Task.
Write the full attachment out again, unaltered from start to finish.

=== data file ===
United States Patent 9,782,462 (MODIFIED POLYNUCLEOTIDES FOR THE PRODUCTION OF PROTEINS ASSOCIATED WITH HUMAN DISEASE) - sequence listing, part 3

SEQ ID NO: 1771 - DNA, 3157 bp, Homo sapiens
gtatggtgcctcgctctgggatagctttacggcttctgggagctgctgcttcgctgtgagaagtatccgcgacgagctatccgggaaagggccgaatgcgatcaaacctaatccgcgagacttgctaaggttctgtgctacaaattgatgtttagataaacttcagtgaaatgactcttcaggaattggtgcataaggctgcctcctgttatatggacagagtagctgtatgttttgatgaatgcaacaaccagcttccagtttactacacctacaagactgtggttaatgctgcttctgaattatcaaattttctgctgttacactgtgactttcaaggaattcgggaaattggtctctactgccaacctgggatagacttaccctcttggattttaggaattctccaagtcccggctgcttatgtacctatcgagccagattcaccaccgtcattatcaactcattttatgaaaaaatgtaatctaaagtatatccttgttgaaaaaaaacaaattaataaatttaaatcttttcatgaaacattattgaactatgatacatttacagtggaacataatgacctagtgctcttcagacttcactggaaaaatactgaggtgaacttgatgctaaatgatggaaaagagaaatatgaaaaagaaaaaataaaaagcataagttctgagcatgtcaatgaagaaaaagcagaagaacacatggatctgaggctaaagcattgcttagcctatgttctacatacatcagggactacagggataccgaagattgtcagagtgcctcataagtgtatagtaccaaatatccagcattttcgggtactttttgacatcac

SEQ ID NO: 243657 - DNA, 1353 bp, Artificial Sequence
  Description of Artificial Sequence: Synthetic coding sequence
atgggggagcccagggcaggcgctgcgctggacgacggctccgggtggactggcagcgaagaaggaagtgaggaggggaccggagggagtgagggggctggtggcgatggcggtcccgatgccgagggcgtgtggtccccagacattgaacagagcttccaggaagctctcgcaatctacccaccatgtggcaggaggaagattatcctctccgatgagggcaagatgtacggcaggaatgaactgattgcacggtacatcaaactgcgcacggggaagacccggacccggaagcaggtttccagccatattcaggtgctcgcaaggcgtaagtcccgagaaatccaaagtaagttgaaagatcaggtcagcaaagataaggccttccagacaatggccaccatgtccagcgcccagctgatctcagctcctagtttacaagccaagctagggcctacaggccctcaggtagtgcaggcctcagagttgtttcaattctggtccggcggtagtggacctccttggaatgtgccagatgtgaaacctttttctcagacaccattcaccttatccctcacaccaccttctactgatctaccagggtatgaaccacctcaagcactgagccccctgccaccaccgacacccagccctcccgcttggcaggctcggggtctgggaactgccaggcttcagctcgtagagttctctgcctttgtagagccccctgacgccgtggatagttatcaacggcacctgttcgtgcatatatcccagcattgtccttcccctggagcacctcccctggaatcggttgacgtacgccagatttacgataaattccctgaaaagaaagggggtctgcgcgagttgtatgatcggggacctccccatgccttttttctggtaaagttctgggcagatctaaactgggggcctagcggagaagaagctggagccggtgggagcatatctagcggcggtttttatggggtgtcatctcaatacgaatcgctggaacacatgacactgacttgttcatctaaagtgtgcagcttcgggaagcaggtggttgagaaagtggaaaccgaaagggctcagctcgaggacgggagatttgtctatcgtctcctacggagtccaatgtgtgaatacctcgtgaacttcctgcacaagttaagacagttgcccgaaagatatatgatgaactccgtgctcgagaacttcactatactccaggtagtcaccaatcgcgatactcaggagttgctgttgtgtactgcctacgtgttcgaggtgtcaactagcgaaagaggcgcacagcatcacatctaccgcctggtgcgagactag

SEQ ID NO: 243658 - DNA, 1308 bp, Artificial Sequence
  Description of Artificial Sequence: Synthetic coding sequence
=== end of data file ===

United States Patent 9,782,462 (MODIFIED POLYNUCLEOTIDES FOR THE PRODUCTION OF PROTEINS ASSOCIATED WITH HUMAN DISEASE) - sequence listing, part 3

SEQ ID NO: 1771 - DNA, 3157 bp, Homo sapiens
gtatggtgcctcgctctgggatagctttacggcttctgggagctgctgcttcgctgtgagaagtatccgcgacgagctatccgggaaagggccgaatgcgatcaaacctaatccgcgagacttgctaaggttctgtgctacaaattgatgtttagataaacttcagtgaaatgactcttcaggaattggtgcataaggctgcctcctgttatatggacagagtagctgtatgttttgatgaatgcaacaaccagcttccagtttactacacctacaagactgtggttaatgctgcttctgaattatcaaattttctgctgttacactgtgactttcaaggaattcgggaaattggtctctactgccaacctgggatagacttaccctcttggattttaggaattctccaagtcccggctgcttatgtacctatcgagccagattcaccaccgtcattatcaactcattttatgaaaaaatgtaatctaaagtatatccttgttgaaaaaaaacaaattaataaatttaaatcttttcatgaaacattattgaactatgatacatttacagtggaacataatgacctagtgctcttcagacttcactggaaaaatactgaggtgaacttgatgctaaatgatggaaaagagaaatatgaaaaagaaaaaataaaaagcataagttctgagcatgtcaatgaagaaaaagcagaagaacacatggatctgaggctaaagcattgcttagcctatgttctacatacatcagggactacagggataccgaagattgtcagagtgcctcataagtgtatagtaccaaatatccagcattttcgggtactttttgacatcac

SEQ ID NO: 243657 - DNA, 1353 bp, Artificial Sequence
  Description of Artificial Sequence: Synthetic coding sequence
atgggggagcccagggcaggcgctgcgctggacgacggctccgggtggactggcagcgaagaaggaagtgaggaggggaccggagggagtgagggggctggtggcgatggcggtcccgatgccgagggcgtgtggtccccagacattgaacagagcttccaggaagctctcgcaatctacccaccatgtggcaggaggaagattatcctctccgatgagggcaagatgtacggcaggaatgaactgattgcacggtacatcaaactgcgcacggggaagacccggacccggaagcaggtttccagccatattcaggtgctcgcaaggcgtaagtcccgagaaatccaaagtaagttgaaagatcaggtcagcaaagataaggccttccagacaatggccaccatgtccagcgcccagctgatctcagctcctagtttacaagccaagctagggcctacaggccctcaggtagtgcaggcctcagagttgtttcaattctggtccggcggtagtggacctccttggaatgtgccagatgtgaaacctttttctcagacaccattcaccttatccctcacaccaccttctactgatctaccagggtatgaaccacctcaagcactgagccccctgccaccaccgacacccagccctcccgcttggcaggctcggggtctgggaactgccaggcttcagctcgtagagttctctgcctttgtagagccccctgacgccgtggatagttatcaacggcacctgttcgtgcatatatcccagcattgtccttcccctggagcacctcccctggaatcggttgacgtacgccagatttacgataaattccctgaaaagaaagggggtctgcgcgagttgtatgatcggggacctccccatgccttttttctggtaaagttctgggcagatctaaactgggggcctagcggagaagaagctggagccggtgggagcatatctagcggcggtttttatggggtgtcatctcaatacgaatcgctggaacacatgacactgacttgttcatctaaagtgtgcagcttcgggaagcaggtggttgagaaagtggaaaccgaaagggctcagctcgaggacgggagatttgtctatcgtctcctacggagtccaatgtgtgaatacctcgtgaacttcctgcacaagttaagacagttgcccgaaagatatatgatgaactccgtgctcgagaacttcactatactccaggtagtcaccaatcgcgatactcaggagttgctgttgtgtactgcctacgtgttcgaggtgtcaactagcgaaagaggcgcacagcatcacatctaccgcctggtgcgagactag

SEQ ID NO: 243658 - DNA, 1308 bp, Artificial Sequence
  Description of Artificial Sequence: Synthetic coding sequence